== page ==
Karl Rove to bring diversity to Northfield next week

I got this email from a local resident:

Karl Rove posterI think it would be interesting to post something about St. Olaf’s decision to bring in Karl Rove on October 1st to speak.  I am actually quite appalled that our hometown Lutheran college would do such a thing.  Ann Coulter was one thing- she’s an over the top media freak who makes money by being just so.  Karl Rove, kindly known as "Bush’s Brain" is a criminal with little regard for the law or the betterment of our society.  Frankly, I think he’s evil and should be in jail!

The slightly defaced poster on the wall of the GBM (my photo above) has more to say, as well as the blog post on Oleville, by the Political Awareness Committee (PAC) of the St. Olaf Student Government Association (SGA) . (continued)


Karl Rove, former deputy chief of staff and senior adviser to President George W. Bush, will speak at St. Olaf College Thursday, Oct. 1, at 7 p.m. (doors open at 6:30 p.m.) in Skoglund Center Auditorium. The presentation, which is free and open to the public and will include a 30-minute question-and-answer session, is sponsored by the student-run Political Awareness Committee with support from the Young America’s Foundation. The speech will be streamed live online (and will not be archived).

Rove’s talk, "America’s Challenges: Policy, the Presidency, and Congress," will present his views about how the new administration and Congress are affecting the American political landscape. Rove, who has served as a political strategist for Republican candidates across the nation, currently contributes regularly to Fox News, Wall Street Journal, and Newsweek.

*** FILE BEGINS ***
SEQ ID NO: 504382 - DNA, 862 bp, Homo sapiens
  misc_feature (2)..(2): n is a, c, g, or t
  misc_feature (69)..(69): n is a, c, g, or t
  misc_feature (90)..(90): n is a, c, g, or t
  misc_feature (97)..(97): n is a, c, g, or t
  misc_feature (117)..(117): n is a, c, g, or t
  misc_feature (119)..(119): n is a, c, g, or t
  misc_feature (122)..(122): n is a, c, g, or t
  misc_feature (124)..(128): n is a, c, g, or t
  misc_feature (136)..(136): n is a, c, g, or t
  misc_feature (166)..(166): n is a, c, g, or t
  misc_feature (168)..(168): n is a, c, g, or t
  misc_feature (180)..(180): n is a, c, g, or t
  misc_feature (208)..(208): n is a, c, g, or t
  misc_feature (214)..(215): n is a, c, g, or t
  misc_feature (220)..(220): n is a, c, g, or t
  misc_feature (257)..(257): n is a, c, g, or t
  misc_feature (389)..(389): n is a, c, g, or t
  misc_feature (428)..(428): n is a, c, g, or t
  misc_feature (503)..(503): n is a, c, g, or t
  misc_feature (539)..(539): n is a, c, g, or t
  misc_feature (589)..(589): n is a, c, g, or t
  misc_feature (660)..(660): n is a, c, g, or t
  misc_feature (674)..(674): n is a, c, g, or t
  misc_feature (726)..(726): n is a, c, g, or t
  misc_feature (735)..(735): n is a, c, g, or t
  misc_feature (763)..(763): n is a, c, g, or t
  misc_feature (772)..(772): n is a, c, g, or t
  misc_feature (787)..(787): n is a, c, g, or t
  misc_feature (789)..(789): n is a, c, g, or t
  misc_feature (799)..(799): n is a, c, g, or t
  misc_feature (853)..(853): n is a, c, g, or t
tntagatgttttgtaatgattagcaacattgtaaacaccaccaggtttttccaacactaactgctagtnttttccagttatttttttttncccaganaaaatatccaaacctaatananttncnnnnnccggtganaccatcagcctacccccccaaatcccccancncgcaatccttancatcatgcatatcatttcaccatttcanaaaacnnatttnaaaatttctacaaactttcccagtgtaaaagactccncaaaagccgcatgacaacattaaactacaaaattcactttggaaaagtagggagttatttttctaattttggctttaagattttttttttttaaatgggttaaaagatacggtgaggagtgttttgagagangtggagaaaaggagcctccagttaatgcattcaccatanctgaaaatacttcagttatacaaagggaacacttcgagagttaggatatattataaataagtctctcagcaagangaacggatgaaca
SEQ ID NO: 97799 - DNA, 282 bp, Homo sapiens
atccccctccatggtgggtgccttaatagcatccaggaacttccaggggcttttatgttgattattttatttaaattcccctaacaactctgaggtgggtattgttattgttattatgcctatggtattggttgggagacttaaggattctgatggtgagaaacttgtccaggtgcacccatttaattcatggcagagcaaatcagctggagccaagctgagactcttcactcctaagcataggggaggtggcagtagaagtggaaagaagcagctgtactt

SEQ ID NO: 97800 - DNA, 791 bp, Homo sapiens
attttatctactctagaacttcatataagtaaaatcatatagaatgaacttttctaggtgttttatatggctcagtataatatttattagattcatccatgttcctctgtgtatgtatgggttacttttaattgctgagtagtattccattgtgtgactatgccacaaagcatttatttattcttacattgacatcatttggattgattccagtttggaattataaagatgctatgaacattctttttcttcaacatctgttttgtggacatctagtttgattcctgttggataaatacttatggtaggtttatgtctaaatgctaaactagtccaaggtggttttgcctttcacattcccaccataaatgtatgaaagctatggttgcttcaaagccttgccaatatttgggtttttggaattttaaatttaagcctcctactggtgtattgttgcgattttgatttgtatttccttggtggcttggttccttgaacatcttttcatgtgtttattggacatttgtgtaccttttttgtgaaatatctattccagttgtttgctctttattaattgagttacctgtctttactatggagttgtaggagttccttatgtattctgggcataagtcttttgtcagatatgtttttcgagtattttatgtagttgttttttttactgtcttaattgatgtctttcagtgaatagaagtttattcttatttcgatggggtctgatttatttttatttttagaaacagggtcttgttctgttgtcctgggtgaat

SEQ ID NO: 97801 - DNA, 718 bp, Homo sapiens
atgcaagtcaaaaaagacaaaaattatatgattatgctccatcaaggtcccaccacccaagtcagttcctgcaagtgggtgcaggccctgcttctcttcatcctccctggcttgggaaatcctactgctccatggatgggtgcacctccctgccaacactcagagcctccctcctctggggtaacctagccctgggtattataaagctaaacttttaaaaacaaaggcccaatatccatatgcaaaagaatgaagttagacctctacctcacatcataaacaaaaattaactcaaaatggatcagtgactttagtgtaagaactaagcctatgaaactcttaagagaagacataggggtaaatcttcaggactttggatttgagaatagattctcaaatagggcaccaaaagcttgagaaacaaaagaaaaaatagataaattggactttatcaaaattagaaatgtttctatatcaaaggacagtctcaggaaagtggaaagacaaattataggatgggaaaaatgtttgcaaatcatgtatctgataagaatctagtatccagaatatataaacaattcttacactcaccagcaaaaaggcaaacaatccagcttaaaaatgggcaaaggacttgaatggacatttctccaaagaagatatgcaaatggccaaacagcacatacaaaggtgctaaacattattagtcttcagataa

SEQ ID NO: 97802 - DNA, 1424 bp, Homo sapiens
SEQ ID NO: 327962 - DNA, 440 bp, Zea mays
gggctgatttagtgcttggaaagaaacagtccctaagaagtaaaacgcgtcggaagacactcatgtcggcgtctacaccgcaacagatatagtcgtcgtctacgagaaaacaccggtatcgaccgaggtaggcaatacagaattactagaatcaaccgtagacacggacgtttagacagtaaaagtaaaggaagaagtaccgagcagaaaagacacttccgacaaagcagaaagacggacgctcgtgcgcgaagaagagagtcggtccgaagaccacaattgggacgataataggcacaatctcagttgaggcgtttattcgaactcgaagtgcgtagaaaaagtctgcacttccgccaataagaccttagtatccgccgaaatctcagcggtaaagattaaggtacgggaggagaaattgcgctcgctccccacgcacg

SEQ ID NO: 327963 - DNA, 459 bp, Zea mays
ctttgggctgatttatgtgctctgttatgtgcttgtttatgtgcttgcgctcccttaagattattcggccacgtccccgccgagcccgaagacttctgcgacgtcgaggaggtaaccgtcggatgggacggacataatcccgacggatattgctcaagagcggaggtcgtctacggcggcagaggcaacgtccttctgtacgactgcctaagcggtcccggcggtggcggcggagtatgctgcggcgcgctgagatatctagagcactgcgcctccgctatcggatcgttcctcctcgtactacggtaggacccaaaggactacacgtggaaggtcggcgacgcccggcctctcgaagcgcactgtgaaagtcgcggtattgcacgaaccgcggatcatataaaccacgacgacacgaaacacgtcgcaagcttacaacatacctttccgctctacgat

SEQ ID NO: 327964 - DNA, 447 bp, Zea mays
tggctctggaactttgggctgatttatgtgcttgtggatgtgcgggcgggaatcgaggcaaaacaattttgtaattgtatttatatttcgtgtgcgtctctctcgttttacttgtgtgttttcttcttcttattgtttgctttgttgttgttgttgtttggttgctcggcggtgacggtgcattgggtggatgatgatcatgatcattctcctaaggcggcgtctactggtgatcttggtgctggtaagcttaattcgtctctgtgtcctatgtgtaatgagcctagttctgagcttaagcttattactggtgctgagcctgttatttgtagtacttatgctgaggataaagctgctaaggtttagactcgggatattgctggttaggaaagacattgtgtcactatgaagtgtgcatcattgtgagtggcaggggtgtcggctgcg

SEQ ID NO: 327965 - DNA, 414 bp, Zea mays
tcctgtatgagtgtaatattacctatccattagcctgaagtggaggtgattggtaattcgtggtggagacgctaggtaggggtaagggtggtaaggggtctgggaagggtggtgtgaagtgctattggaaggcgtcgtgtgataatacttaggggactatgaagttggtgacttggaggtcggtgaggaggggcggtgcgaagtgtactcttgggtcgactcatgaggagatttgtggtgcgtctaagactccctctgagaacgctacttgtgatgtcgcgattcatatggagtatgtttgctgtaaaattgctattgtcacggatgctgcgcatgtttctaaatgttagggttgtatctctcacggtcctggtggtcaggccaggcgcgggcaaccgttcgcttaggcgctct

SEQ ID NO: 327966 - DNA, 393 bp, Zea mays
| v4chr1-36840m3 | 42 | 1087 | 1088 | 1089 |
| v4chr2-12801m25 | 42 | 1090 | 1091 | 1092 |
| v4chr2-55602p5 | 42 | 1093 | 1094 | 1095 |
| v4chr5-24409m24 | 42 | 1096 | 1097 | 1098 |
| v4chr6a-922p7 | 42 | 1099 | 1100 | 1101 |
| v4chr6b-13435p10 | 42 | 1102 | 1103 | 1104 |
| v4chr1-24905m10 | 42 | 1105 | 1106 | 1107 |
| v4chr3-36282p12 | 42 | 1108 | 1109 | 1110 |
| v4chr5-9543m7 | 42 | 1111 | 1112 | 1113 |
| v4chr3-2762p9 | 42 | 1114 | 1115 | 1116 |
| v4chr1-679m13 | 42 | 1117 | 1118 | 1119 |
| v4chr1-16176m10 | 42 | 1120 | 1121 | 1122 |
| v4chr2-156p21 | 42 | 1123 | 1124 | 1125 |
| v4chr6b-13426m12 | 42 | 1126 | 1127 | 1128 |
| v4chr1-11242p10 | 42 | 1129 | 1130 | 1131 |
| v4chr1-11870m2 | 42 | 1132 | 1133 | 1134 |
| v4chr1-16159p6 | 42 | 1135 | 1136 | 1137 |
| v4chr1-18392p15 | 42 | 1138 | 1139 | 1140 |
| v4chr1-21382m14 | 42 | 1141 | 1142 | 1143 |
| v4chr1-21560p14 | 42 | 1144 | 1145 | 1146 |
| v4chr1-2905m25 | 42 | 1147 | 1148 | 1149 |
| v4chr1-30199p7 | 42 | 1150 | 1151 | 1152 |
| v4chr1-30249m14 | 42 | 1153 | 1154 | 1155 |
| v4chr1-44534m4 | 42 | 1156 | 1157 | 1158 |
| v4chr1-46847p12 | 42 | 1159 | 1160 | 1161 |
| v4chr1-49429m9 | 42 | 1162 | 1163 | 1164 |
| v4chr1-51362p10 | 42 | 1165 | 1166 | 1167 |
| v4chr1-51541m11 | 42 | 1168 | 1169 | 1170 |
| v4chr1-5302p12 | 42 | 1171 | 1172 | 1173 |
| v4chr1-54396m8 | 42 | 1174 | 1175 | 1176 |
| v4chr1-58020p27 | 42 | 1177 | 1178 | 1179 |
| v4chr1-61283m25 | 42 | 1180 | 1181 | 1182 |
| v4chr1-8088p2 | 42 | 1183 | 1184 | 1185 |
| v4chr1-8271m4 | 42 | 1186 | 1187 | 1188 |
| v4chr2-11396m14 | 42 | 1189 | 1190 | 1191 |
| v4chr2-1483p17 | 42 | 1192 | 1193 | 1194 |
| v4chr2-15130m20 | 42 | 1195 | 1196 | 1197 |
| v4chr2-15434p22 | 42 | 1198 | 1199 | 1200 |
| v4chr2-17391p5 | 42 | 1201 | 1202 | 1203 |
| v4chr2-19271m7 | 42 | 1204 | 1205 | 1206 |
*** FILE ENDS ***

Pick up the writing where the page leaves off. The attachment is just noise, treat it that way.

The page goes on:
Past PAC-sponsored speakers at St. Olaf include activist Jesse Jackson, former U.S. Senator Bob Dole, Hotel Rwanda hero Paul Rusesabagina, former Minnesota Gov. Jesse Ventura, and Democratic strategist Donna Brazile.


  1. Peter Millin said:

    You might disagree wit his policies but he is far from being a criminal.
    If there would be any substance to your rumor the horde of lawyers that occupy congress and the senate would have found a way to convict him. Alas all there is are rumors.
    You should give hm credit for having the power of conviction to show up in an institution like St. Olaf, which is without a doubt a highly liberal institution.

    When will Barrack Obama show up on Fox News?

    September 26, 2009
  2. Jane Moline said:

    In the USA it is illegal to divulge National Security information such as the identity of a CIA operative. Doing so makes you a criminal. If Rove did not directly divulge secret information, he helped with the coverup.